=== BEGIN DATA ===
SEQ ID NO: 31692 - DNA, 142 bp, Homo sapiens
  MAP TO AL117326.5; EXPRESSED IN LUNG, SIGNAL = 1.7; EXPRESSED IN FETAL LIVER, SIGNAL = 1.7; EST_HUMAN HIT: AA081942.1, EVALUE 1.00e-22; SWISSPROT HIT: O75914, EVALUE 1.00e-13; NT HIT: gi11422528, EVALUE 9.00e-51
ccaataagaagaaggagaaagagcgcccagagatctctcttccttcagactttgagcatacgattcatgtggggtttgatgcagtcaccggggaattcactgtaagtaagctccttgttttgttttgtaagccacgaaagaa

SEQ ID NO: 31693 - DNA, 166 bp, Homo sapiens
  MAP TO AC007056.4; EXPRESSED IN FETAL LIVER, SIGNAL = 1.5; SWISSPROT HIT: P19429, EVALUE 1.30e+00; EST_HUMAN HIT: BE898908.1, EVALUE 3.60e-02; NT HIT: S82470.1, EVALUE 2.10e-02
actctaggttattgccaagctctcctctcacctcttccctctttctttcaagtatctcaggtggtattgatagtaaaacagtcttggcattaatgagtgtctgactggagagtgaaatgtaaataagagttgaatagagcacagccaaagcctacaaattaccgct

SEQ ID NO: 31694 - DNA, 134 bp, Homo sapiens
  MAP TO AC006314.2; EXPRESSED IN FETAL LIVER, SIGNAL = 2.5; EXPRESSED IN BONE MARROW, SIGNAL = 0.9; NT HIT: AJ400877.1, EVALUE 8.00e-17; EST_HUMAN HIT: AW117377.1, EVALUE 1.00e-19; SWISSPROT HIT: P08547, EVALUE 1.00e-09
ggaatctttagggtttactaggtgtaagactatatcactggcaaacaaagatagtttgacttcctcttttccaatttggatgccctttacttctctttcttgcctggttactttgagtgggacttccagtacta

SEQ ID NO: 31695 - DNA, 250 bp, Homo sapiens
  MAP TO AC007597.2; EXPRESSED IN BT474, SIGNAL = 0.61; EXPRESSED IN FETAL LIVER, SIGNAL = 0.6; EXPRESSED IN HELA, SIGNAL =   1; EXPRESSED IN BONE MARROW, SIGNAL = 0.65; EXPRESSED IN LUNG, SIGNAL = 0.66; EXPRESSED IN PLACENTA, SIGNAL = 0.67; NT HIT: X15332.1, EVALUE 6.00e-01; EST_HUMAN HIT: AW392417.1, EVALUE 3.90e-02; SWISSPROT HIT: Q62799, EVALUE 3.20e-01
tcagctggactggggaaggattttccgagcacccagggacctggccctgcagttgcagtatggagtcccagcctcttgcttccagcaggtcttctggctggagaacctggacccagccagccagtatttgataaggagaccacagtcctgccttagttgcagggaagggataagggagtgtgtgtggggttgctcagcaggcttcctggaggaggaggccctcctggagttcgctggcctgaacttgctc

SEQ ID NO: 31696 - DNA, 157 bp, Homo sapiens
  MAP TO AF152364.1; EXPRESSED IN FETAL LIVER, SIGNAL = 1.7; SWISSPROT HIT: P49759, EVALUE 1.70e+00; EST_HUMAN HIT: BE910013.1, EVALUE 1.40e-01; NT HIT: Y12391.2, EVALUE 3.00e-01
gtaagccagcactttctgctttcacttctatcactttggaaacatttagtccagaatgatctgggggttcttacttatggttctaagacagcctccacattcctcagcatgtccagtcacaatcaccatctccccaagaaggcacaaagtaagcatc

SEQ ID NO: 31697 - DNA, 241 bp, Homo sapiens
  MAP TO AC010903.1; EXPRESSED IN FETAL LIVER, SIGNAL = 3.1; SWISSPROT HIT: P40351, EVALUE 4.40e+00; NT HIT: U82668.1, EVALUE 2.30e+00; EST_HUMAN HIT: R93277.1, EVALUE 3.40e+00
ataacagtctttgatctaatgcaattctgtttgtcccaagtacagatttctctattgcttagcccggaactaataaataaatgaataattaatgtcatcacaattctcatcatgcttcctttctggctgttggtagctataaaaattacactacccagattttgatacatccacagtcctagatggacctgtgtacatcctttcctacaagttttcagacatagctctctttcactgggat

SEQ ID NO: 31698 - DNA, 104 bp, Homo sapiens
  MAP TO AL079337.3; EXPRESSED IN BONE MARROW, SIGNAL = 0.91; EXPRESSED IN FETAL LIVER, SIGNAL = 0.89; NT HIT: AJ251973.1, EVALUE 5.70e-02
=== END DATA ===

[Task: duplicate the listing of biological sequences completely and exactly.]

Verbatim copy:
SEQ ID NO: 31692 - DNA, 142 bp, Homo sapiens
  MAP TO AL117326.5; EXPRESSED IN LUNG, SIGNAL = 1.7; EXPRESSED IN FETAL LIVER, SIGNAL = 1.7; EST_HUMAN HIT: AA081942.1, EVALUE 1.00e-22; SWISSPROT HIT: O75914, EVALUE 1.00e-13; NT HIT: gi11422528, EVALUE 9.00e-51
ccaataagaagaaggagaaagagcgcccagagatctctcttccttcagactttgagcatacgattcatgtggggtttgatgcagtcaccggggaattcactgtaagtaagctccttgttttgttttgtaagccacgaaagaa

SEQ ID NO: 31693 - DNA, 166 bp, Homo sapiens
  MAP TO AC007056.4; EXPRESSED IN FETAL LIVER, SIGNAL = 1.5; SWISSPROT HIT: P19429, EVALUE 1.30e+00; EST_HUMAN HIT: BE898908.1, EVALUE 3.60e-02; NT HIT: S82470.1, EVALUE 2.10e-02
actctaggttattgccaagctctcctctcacctcttccctctttctttcaagtatctcaggtggtattgatagtaaaacagtcttggcattaatgagtgtctgactggagagtgaaatgtaaataagagttgaatagagcacagccaaagcctacaaattaccgct

SEQ ID NO: 31694 - DNA, 134 bp, Homo sapiens
  MAP TO AC006314.2; EXPRESSED IN FETAL LIVER, SIGNAL = 2.5; EXPRESSED IN BONE MARROW, SIGNAL = 0.9; NT HIT: AJ400877.1, EVALUE 8.00e-17; EST_HUMAN HIT: AW117377.1, EVALUE 1.00e-19; SWISSPROT HIT: P08547, EVALUE 1.00e-09
ggaatctttagggtttactaggtgtaagactatatcactggcaaacaaagatagtttgacttcctcttttccaatttggatgccctttacttctctttcttgcctggttactttgagtgggacttccagtacta

SEQ ID NO: 31695 - DNA, 250 bp, Homo sapiens
  MAP TO AC007597.2; EXPRESSED IN BT474, SIGNAL = 0.61; EXPRESSED IN FETAL LIVER, SIGNAL = 0.6; EXPRESSED IN HELA, SIGNAL =   1; EXPRESSED IN BONE MARROW, SIGNAL = 0.65; EXPRESSED IN LUNG, SIGNAL = 0.66; EXPRESSED IN PLACENTA, SIGNAL = 0.67; NT HIT: X15332.1, EVALUE 6.00e-01; EST_HUMAN HIT: AW392417.1, EVALUE 3.90e-02; SWISSPROT HIT: Q62799, EVALUE 3.20e-01
tcagctggactggggaaggattttccgagcacccagggacctggccctgcagttgcagtatggagtcccagcctcttgcttccagcaggtcttctggctggagaacctggacccagccagccagtatttgataaggagaccacagtcctgccttagttgcagggaagggataagggagtgtgtgtggggttgctcagcaggcttcctggaggaggaggccctcctggagttcgctggcctgaacttgctc

SEQ ID NO: 31696 - DNA, 157 bp, Homo sapiens
  MAP TO AF152364.1; EXPRESSED IN FETAL LIVER, SIGNAL = 1.7; SWISSPROT HIT: P49759, EVALUE 1.70e+00; EST_HUMAN HIT: BE910013.1, EVALUE 1.40e-01; NT HIT: Y12391.2, EVALUE 3.00e-01
gtaagccagcactttctgctttcacttctatcactttggaaacatttagtccagaatgatctgggggttcttacttatggttctaagacagcctccacattcctcagcatgtccagtcacaatcaccatctccccaagaaggcacaaagtaagcatc

SEQ ID NO: 31697 - DNA, 241 bp, Homo sapiens
  MAP TO AC010903.1; EXPRESSED IN FETAL LIVER, SIGNAL = 3.1; SWISSPROT HIT: P40351, EVALUE 4.40e+00; NT HIT: U82668.1, EVALUE 2.30e+00; EST_HUMAN HIT: R93277.1, EVALUE 3.40e+00
ataacagtctttgatctaatgcaattctgtttgtcccaagtacagatttctctattgcttagcccggaactaataaataaatgaataattaatgtcatcacaattctcatcatgcttcctttctggctgttggtagctataaaaattacactacccagattttgatacatccacagtcctagatggacctgtgtacatcctttcctacaagttttcagacatagctctctttcactgggat

SEQ ID NO: 31698 - DNA, 104 bp, Homo sapiens
  MAP TO AL079337.3; EXPRESSED IN BONE MARROW, SIGNAL = 0.91; EXPRESSED IN FETAL LIVER, SIGNAL = 0.89; NT HIT: AJ251973.1, EVALUE 5.70e-02